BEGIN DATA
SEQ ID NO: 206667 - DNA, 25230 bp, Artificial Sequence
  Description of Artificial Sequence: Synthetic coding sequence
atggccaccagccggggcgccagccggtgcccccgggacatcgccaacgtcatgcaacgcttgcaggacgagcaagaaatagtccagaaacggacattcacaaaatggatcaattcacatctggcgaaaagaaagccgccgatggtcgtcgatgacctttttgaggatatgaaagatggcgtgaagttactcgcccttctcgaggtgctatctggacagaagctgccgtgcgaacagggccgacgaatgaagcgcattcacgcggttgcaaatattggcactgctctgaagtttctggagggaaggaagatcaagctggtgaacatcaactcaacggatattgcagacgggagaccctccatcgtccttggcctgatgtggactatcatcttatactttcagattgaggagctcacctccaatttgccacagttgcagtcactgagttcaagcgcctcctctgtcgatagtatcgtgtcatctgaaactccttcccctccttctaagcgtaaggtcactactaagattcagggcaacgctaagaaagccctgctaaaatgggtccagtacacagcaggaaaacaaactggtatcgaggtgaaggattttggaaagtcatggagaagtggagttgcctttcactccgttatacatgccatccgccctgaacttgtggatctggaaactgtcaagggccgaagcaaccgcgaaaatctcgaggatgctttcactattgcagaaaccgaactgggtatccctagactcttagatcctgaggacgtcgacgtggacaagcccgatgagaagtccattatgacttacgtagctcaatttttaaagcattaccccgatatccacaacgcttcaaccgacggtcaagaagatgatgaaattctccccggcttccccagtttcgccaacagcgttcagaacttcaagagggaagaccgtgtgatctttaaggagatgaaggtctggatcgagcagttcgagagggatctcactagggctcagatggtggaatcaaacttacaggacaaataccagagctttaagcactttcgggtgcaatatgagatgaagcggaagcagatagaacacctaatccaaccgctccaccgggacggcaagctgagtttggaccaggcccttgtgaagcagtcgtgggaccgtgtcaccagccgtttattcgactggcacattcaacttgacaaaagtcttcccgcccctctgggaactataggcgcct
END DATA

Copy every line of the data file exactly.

SEQ ID NO: 206667 - DNA, 25230 bp, Artificial Sequence
  Description of Artificial Sequence: Synthetic coding sequence
atggccaccagccggggcgccagccggtgcccccgggacatcgccaacgtcatgcaacgcttgcaggacgagcaagaaatagtccagaaacggacattcacaaaatggatcaattcacatctggcgaaaagaaagccgccgatggtcgtcgatgacctttttgaggatatgaaagatggcgtgaagttactcgcccttctcgaggtgctatctggacagaagctgccgtgcgaacagggccgacgaatgaagcgcattcacgcggttgcaaatattggcactgctctgaagtttctggagggaaggaagatcaagctggtgaacatcaactcaacggatattgcagacgggagaccctccatcgtccttggcctgatgtggactatcatcttatactttcagattgaggagctcacctccaatttgccacagttgcagtcactgagttcaagcgcctcctctgtcgatagtatcgtgtcatctgaaactccttcccctccttctaagcgtaaggtcactactaagattcagggcaacgctaagaaagccctgctaaaatgggtccagtacacagcaggaaaacaaactggtatcgaggtgaaggattttggaaagtcatggagaagtggagttgcctttcactccgttatacatgccatccgccctgaacttgtggatctggaaactgtcaagggccgaagcaaccgcgaaaatctcgaggatgctttcactattgcagaaaccgaactgggtatccctagactcttagatcctgaggacgtcgacgtggacaagcccgatgagaagtccattatgacttacgtagctcaatttttaaagcattaccccgatatccacaacgcttcaaccgacggtcaagaagatgatgaaattctccccggcttccccagtttcgccaacagcgttcagaacttcaagagggaagaccgtgtgatctttaaggagatgaaggtctggatcgagcagttcgagagggatctcactagggctcagatggtggaatcaaacttacaggacaaataccagagctttaagcactttcgggtgcaatatgagatgaagcggaagcagatagaacacctaatccaaccgctccaccgggacggcaagctgagtttggaccaggcccttgtgaagcagtcgtgggaccgtgtcaccagccgtttattcgactggcacattcaacttgacaaaagtcttcccgcccctctgggaactataggcgcct